Taiwan's latest investment project -- the "Jung Pang Project" -- which ensures a NT$7.5 billion (roughly US$250 million) fund for Taiwanese businessmen investing in Central America, constitutes a win-win economic strategy in the era of globalization for not only Taiwan but also its diplomatic allies in that region, Vice Premier Wu Rong-i (
During a bilateral meeting on Thursday in Guatemala, Chen revealed Taiwan's idea to set up a US$250 million fund for financing development in Central America. Money from the fund will become available in January next year.
The fund includes NT$5 billion from the Development Fund, established in 1973 and designed to upgrade industrial infrastructure, and NT$ 2.5 billion from the International Cooperation and Development Fund (ICDF), established in 1996 to independently oversee and implement Taiwan's foreign assistance and cooperation programs.
On Friday, Wu, Minister of Economic Affairs Ho Mei-yueh (何美玥) and other Taiwanese delegations on a trip to the nation's Central American diplomatic allies, visited the Export and Investment Center of the Dominican Republic (CEI-RD). The CEI-RD is an official institution promoting foreign direct investment created in 2003 to navigate the changes in the global economy, to learn the economic situation in the country and to investigate possible investment projects.
According to Wu, the Dominican Republic has faced many challenges.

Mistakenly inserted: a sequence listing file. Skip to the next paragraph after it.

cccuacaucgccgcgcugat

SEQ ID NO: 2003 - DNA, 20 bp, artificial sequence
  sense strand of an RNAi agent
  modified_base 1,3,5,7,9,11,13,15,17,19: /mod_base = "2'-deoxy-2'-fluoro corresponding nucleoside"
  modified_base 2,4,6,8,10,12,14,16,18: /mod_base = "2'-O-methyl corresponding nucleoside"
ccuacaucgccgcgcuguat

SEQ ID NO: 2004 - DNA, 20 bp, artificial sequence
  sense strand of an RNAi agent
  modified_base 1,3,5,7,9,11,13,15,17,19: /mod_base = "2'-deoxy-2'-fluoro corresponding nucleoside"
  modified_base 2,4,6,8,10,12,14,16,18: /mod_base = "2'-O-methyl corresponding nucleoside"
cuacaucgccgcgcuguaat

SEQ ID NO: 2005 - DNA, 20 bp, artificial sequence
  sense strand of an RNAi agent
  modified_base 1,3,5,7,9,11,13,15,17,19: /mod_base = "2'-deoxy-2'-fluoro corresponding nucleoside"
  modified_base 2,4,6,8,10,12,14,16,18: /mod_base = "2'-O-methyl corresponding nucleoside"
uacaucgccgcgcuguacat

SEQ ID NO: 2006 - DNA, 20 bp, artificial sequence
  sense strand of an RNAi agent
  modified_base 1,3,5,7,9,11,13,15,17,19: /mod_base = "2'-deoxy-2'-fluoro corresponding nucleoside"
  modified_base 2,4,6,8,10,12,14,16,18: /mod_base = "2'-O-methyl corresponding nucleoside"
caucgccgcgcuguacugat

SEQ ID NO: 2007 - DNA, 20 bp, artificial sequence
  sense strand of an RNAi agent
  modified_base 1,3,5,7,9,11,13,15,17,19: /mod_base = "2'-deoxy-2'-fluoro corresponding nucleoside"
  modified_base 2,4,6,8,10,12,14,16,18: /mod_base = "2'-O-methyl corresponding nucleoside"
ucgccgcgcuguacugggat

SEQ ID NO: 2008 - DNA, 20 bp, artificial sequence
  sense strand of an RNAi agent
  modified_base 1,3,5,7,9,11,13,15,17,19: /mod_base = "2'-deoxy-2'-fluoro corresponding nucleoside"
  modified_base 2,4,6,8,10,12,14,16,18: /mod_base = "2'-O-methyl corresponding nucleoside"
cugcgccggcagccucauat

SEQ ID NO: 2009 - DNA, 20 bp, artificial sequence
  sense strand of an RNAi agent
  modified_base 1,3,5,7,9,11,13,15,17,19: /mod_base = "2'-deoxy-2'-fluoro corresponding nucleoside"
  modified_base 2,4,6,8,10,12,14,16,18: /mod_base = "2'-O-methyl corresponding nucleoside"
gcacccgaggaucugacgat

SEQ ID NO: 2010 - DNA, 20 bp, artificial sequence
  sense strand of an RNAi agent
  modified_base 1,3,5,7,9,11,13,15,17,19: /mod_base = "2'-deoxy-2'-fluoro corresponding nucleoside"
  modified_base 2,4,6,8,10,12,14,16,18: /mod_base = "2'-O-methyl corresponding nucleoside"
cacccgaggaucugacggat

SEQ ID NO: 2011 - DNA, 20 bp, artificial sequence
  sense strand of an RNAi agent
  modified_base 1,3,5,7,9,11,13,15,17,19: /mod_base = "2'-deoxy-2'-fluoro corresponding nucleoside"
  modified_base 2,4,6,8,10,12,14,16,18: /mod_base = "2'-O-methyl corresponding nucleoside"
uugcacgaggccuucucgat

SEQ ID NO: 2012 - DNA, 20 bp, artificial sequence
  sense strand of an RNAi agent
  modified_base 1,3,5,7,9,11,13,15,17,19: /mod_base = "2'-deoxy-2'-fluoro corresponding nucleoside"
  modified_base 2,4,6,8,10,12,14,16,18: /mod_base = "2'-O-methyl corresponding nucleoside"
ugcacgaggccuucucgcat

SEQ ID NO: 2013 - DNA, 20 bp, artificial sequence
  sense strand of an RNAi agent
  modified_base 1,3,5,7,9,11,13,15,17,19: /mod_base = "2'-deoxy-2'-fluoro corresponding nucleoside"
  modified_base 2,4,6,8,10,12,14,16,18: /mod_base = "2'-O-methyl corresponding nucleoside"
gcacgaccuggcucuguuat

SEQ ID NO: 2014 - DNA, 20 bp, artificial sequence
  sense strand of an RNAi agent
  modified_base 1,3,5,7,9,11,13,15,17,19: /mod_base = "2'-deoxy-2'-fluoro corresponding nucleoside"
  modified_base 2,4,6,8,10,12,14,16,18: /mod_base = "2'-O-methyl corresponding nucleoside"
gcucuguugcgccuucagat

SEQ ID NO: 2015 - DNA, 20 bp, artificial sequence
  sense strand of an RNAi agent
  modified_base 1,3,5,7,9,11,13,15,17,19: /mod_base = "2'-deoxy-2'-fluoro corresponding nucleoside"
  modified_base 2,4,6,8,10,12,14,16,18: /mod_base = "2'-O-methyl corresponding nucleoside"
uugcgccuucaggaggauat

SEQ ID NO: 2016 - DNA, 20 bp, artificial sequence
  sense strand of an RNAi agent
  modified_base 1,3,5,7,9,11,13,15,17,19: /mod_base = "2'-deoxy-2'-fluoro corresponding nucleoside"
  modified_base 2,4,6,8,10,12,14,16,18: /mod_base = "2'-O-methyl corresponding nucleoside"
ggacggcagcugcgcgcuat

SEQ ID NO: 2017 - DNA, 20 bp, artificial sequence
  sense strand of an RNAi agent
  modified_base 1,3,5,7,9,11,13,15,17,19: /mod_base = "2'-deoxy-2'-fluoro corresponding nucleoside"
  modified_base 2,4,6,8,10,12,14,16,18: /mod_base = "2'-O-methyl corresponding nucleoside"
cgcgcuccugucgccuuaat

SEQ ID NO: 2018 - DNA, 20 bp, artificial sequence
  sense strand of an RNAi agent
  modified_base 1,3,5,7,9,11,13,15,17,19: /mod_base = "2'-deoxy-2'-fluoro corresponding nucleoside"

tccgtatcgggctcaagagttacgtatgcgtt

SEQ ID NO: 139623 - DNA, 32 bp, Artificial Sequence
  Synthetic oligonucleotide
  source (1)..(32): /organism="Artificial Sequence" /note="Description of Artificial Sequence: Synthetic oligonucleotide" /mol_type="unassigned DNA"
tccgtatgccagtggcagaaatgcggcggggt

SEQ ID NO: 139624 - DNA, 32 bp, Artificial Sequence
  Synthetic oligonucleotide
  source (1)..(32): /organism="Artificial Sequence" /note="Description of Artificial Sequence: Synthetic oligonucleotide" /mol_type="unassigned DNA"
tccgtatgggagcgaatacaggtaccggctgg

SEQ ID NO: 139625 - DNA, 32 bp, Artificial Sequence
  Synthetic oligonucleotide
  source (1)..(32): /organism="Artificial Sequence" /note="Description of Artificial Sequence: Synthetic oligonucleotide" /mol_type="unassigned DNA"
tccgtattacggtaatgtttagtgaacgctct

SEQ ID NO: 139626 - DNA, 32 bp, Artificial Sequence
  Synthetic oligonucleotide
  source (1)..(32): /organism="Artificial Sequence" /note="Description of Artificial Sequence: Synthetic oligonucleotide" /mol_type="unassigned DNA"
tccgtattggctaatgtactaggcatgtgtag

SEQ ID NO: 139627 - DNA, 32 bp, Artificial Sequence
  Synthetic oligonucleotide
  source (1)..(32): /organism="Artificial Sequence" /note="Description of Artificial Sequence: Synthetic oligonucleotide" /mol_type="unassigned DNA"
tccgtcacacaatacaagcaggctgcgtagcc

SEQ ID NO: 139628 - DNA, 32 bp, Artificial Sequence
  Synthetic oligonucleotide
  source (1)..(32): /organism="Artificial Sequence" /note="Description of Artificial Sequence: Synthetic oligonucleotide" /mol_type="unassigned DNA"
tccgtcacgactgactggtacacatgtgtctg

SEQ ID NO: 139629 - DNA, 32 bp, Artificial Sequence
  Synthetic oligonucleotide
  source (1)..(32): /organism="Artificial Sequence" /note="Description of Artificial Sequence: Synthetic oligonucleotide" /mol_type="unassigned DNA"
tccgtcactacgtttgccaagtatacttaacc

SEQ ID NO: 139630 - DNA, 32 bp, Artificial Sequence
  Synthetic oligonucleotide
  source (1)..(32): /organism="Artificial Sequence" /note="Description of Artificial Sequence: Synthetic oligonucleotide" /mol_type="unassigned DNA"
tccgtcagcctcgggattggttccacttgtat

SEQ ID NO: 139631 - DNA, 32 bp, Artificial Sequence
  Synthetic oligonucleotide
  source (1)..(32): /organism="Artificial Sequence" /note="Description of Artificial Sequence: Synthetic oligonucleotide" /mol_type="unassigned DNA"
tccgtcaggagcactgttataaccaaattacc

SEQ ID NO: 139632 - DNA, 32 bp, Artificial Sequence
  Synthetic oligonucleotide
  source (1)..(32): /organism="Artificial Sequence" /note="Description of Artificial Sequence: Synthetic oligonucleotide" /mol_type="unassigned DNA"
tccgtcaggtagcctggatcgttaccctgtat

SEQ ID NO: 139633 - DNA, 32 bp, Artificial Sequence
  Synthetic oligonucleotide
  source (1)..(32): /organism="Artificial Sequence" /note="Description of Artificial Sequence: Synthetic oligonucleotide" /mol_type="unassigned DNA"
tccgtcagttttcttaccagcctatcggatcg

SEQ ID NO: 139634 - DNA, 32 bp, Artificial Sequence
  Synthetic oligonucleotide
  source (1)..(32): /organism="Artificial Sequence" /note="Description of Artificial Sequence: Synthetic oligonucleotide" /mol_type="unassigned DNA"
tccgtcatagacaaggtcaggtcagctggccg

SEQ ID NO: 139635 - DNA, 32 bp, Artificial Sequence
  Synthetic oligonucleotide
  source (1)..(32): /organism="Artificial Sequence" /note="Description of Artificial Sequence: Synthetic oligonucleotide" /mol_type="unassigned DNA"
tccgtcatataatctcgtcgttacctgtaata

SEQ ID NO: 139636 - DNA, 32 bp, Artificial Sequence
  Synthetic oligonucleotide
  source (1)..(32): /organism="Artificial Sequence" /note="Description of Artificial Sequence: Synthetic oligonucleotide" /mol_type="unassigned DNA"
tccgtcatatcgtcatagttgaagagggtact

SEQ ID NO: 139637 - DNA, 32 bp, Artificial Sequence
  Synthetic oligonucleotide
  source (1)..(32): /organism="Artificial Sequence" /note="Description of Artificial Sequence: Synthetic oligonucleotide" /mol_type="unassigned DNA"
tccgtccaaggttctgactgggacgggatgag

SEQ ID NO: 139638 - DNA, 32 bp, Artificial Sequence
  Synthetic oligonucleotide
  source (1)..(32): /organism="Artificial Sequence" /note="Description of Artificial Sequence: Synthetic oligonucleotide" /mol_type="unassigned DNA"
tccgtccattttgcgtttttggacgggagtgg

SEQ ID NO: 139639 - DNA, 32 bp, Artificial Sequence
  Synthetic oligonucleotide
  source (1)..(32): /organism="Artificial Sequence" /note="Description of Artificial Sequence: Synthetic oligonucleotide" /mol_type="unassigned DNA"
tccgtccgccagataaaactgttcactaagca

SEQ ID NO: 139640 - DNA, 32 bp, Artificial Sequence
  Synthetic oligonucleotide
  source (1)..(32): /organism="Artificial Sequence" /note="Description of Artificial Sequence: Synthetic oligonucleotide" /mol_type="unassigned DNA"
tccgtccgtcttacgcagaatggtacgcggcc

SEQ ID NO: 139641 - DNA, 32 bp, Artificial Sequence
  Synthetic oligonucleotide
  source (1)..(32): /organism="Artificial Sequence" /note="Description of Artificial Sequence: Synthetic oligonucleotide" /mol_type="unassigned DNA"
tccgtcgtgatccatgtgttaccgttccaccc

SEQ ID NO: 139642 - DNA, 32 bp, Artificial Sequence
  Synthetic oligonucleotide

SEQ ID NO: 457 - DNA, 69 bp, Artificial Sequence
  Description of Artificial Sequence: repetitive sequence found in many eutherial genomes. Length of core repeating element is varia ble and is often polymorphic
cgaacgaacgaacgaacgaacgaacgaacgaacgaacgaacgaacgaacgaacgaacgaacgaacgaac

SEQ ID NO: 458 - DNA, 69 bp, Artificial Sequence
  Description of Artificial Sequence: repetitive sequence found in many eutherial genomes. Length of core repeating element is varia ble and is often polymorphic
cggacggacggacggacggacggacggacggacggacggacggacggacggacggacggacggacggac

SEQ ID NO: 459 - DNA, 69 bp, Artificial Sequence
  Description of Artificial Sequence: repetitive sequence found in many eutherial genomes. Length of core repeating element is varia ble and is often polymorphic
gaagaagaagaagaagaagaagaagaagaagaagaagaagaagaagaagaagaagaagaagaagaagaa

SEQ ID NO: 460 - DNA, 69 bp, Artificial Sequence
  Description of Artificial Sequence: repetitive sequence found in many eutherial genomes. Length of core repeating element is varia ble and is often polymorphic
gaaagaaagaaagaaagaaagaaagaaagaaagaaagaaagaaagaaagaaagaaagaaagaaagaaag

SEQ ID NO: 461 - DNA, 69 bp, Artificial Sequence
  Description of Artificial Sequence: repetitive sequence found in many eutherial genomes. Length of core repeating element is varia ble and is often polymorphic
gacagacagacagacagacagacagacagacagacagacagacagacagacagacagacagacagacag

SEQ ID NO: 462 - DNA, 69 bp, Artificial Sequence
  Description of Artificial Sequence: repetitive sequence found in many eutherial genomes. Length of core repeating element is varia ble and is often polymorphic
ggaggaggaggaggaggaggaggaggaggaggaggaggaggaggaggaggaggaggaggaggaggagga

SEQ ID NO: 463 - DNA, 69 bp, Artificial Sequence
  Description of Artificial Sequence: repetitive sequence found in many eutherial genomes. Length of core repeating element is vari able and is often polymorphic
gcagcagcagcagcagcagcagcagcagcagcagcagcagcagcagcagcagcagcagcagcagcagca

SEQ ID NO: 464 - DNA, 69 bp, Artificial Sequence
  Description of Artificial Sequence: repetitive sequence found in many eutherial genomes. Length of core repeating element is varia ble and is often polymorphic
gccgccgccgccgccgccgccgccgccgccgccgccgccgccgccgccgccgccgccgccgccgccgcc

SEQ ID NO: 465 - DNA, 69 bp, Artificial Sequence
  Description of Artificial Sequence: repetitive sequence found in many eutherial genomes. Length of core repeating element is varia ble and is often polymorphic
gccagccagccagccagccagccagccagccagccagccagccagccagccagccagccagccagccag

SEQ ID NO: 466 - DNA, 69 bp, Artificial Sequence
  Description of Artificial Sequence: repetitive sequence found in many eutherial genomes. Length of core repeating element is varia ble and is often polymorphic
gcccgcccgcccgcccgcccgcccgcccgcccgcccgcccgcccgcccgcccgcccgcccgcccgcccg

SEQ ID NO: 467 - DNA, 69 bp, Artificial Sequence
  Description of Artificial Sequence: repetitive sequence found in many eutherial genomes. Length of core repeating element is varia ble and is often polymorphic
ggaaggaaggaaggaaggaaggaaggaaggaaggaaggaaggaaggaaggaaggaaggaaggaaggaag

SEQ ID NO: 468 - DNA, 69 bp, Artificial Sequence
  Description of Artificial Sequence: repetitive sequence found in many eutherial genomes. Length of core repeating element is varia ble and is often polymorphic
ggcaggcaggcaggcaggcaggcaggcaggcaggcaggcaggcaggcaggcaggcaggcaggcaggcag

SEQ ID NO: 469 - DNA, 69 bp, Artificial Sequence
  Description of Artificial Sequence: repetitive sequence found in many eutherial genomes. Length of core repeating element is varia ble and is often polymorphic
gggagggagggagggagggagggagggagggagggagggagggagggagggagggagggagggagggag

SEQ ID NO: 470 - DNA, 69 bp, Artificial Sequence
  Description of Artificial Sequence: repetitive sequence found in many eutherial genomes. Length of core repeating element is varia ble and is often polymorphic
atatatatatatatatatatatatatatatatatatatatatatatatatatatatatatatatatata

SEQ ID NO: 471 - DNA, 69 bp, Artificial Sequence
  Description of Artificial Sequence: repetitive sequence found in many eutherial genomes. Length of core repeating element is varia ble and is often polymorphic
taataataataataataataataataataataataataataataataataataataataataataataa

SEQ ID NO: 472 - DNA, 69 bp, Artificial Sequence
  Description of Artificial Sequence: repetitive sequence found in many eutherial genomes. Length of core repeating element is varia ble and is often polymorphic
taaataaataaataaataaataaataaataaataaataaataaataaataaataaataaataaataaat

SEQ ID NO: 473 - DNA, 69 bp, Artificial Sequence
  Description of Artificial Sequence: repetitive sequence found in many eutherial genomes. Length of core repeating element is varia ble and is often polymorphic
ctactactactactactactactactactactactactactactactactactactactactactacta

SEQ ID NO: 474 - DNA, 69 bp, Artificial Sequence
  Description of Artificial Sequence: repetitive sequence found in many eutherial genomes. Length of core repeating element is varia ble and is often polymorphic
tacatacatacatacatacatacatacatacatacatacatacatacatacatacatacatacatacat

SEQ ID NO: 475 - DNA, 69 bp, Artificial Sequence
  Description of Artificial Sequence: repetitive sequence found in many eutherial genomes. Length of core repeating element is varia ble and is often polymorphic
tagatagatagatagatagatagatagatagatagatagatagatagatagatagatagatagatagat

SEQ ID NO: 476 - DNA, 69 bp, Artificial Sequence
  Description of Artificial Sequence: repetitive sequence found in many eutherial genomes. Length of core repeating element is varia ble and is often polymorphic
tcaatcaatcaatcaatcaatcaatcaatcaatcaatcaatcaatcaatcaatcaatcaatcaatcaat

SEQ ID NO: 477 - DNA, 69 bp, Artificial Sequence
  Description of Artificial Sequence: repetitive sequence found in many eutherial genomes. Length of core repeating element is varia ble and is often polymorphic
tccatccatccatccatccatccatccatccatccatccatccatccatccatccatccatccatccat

"The 18 percent unemployment rate reflects how serious economic problems are here. That's why a regional integration strategy has to be adopted. And Taiwan's Jung Pang Project can meet their needs," Wu said.
Wu said that the project would encourage Taiwanese businessmen to invest in certain industries in Taiwan's diplomatic allies.
The fund will be used to finance Taiwanese investors, who might cooperate with local counterparts, and to simplify procedures for Taiwanese investors by establishing efficient service windows in these countries. It will also fund professionals familiar with the language and the environment to travel here.
Presidential Office Deputy Secretary-General James Huang (
Quotas on textile and clothing exports, wielded by the US and EU for four decades to protect their domestic producers, have been abolished since the beginning of the year under a World Trade Organization agreement.
Several countries in Central America have faced challenges in the world market created by cheaper products made in China. In addition, the rule of "origin of raw materials" makes life tougher for textile producers.
"Taiwan can help its diplomatic allies by investing in an advanced textile industry in the region. The Jung Pang Project can lower the risk for investing in Central America because of the government's assistance," Huang said.
Taking Guatemala as an example, he said that, in addition to the textile industry, a number of motorcycle assembly lines have also moved there.
"In the era of globalization, leaving one's roots in Taiwan and taking a global perspective on investment will be the only way out," Huang said.
Since the early 1990s, when former president Lee Teng-hui (